Updated 03:03 AM EST, Sat, Dec 04, 2021

iKnife Can Detect Cancer While It Cuts and Distinguish Horse Meat from Beef

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Doctors might soon have another new, powerful weapon to help in the fight against cancer, in the form of a surgical knife that can instantly tell whether surgeons are cutting cancerous or healthy tissue.

Dr. Zoltan Takats of Imperial College developed the knife after wondering if the smoke produced during cancer surgery might contain particulates indicating whether the burning tissue is cancerous or not. Oncology surgeons often use electro-surgical knives that use heat to cut the patient's tissue, which produces a wisp of smoke.

Dr. Takats decided to make a surgical knife - called the iKnife - that could analyze that smoke, giving surgeons a clearer indication whether they've completely removed a cancerous tumor, according to the Associated Press. Among the many possible benefits of this nascent technology include the fact that cancer removal surgery may, in the future, involve removing less healthy tissue, and thus improve recovery rates.

The iKnife can analyze smoke produced in surgery because it is hooked up to a "refrigerator-sized" mass spectrometry device, which analyzes the smoke from the cauterizing tissue and compares it to a stored database of smoke "signatures" - chemicals profiles in the smoke from the different metabolites present different types of cells. The database includes data from both cancerous and healthy tissues, and the iKnife can give spectrometry results in less than three seconds.

Up until now, when surgeons perform an operation, they have to send samples of the removed tissue to the lab for analysis, which in the best case scenarios (at the best, most well-equipped hospitals) still takes about half an hour to perform. Additionally, since there is no real-time irrefutable indicator of whether tissue is cancerous or not, doctors often remove more tissue than is absolutely necessary, just to avoid having to put the patient through another surgery or more treatment to finish off any missed cancer tissue.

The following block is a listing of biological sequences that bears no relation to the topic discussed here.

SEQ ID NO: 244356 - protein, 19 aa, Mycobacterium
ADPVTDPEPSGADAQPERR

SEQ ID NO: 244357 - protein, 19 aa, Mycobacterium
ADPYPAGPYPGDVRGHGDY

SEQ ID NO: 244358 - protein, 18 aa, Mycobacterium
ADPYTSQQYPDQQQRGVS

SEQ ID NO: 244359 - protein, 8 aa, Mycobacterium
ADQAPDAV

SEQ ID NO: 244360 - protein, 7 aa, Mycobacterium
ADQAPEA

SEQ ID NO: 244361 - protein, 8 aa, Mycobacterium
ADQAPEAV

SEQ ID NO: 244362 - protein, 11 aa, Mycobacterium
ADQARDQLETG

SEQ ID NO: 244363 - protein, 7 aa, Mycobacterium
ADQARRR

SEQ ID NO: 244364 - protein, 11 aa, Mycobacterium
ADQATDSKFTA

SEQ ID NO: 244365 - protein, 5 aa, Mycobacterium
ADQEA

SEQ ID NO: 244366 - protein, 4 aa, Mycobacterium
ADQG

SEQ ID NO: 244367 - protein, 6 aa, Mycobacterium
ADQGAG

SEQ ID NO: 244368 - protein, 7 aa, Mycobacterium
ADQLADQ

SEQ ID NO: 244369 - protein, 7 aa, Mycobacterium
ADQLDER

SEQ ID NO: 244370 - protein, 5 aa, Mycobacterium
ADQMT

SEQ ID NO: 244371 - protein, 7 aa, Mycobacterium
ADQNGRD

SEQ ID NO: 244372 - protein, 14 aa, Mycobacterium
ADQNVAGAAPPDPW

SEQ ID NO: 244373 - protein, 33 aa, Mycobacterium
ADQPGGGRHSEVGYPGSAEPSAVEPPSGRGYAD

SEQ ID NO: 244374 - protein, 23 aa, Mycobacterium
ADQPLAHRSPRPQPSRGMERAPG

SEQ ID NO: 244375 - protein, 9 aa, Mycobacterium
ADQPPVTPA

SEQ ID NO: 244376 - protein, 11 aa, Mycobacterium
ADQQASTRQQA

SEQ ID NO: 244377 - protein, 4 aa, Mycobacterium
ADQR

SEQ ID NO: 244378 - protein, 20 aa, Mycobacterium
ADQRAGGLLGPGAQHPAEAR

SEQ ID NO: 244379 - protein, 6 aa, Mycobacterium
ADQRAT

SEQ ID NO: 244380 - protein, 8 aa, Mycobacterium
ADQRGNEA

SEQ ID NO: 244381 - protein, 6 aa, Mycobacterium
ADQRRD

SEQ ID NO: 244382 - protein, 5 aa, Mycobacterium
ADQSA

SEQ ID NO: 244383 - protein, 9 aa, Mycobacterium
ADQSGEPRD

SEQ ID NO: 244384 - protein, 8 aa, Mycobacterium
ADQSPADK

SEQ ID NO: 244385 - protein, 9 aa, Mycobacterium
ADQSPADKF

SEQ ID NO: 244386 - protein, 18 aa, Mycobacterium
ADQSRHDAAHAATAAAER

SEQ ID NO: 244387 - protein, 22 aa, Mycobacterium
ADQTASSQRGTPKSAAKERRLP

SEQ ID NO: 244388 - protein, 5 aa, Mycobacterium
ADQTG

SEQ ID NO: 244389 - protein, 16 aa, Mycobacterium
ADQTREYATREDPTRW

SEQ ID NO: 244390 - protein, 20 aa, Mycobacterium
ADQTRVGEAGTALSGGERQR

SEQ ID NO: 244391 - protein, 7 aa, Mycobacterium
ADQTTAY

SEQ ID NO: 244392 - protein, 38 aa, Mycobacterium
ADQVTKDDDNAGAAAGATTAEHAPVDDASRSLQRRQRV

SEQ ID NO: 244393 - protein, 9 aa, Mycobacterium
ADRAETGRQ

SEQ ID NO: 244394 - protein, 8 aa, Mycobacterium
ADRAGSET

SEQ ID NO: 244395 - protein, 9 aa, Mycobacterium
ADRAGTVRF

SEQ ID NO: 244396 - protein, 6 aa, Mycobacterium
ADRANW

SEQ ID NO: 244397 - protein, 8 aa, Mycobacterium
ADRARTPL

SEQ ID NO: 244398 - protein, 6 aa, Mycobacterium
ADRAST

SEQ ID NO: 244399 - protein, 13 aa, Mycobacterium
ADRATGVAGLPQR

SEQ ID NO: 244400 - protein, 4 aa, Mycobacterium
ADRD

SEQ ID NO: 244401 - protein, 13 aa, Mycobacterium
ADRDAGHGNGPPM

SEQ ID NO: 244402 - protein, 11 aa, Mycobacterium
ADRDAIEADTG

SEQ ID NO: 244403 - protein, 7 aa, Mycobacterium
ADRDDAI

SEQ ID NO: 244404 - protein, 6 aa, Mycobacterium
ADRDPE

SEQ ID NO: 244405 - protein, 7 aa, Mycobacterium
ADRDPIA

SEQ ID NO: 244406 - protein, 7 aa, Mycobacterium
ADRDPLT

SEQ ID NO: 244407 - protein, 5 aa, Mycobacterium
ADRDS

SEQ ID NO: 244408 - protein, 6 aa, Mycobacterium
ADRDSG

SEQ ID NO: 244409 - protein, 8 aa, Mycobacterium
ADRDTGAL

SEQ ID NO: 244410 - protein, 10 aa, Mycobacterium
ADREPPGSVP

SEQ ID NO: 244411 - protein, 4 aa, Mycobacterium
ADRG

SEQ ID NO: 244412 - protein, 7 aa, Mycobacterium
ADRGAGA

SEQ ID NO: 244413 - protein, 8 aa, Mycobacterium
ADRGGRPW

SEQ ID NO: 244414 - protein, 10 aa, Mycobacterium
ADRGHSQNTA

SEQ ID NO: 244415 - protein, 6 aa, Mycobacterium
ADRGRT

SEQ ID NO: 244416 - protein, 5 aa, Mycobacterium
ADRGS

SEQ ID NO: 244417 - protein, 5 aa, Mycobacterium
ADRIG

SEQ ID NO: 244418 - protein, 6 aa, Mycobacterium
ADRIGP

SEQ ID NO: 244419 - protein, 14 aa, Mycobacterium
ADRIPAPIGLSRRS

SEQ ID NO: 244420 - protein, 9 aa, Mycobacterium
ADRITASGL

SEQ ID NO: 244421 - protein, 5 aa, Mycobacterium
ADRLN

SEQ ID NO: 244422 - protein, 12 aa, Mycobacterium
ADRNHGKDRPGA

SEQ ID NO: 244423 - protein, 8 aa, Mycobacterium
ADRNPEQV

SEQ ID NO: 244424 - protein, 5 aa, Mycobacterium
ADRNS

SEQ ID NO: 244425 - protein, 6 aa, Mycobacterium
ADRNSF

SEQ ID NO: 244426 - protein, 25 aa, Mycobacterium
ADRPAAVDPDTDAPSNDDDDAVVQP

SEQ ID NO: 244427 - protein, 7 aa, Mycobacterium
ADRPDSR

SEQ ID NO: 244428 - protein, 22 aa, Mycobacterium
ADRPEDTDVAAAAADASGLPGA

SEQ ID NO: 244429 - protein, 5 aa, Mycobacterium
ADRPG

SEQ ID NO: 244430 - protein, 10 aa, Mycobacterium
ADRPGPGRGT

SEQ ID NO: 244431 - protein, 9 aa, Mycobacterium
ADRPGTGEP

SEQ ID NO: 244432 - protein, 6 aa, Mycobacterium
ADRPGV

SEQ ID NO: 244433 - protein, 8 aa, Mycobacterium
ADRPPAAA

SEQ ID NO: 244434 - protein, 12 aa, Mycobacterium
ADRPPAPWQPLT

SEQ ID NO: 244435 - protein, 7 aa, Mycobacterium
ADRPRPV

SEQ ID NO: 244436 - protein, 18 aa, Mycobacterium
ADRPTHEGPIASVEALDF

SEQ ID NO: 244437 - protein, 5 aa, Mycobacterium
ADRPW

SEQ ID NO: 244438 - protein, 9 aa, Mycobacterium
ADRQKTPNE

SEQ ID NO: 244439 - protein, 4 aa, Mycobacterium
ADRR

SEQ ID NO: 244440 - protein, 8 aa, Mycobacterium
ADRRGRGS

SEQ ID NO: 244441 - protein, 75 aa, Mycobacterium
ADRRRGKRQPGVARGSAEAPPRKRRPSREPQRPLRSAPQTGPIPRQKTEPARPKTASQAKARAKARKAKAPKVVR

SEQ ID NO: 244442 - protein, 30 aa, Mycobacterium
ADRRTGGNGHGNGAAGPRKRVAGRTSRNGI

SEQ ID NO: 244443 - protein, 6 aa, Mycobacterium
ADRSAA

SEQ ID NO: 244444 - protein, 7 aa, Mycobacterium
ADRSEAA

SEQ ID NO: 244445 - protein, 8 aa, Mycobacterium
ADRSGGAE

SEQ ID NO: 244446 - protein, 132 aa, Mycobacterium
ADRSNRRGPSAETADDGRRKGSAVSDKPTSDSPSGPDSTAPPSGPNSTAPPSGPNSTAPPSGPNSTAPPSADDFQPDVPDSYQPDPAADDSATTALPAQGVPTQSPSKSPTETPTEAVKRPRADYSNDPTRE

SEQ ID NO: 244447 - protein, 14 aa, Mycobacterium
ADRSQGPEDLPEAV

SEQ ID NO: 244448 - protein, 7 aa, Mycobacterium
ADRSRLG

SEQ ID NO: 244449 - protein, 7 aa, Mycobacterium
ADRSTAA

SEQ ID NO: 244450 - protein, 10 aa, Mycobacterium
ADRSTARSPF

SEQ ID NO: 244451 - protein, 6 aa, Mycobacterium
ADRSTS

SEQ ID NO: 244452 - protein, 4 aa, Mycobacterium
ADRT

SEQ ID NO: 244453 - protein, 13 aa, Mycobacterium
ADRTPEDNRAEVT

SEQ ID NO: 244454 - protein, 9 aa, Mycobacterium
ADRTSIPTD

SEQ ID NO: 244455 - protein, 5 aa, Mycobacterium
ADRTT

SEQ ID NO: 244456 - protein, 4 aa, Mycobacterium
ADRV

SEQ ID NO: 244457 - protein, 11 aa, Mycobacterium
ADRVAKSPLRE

With the iKnife, doctors could avoid the 30-minute (or in most cases, probably longer) waiting period and be more certain that they've performed a complete, and successful surgery. "In cancer surgery, you want to take out as little healthy tissue as possible, but you have to ensure that you remove all of the cancer. There is a real need for technology that can help the surgeon determine which tissue to cut out and which to leave in," said Lord Darzi, Professor of Surgery at Imperial College London, "the iKnife has the potential to do this, and the impact on cancer surgery could be enormous."

According to the Imperial College London, the first study to test the iKnife in the operating theater was a total success. The new invention diagnosed tissues samples from 91 patients with an accuracy rate of exactly 100 percent.

Researchers now hope to carry out clinical trials to see if using the iKnife in surgery will improve patient outcomes. "These results provide compelling evidence that the iKnife can be applied in a wide range of cancer surgery procedures," said Dr Takats to the Imperial College London. "It provides a result almost instantly, allowing surgeons to carry out procedures with a level of accuracy that hasn't been possible before. We believe it has the potential to reduce tumor recurrence rates and enable more patients to survive."

In the future, look for the iKnife beyond the operating room. The iKnife may have applications outside of cancer surgeries, including diagnosing inadequate blood supplies to tissue, studying the types of bacteria present in any given tissue, or even distinguishing different types of meats. Dr. Takats says it can successfully tell the difference between horse meat and beef - a tool Europeans could use.

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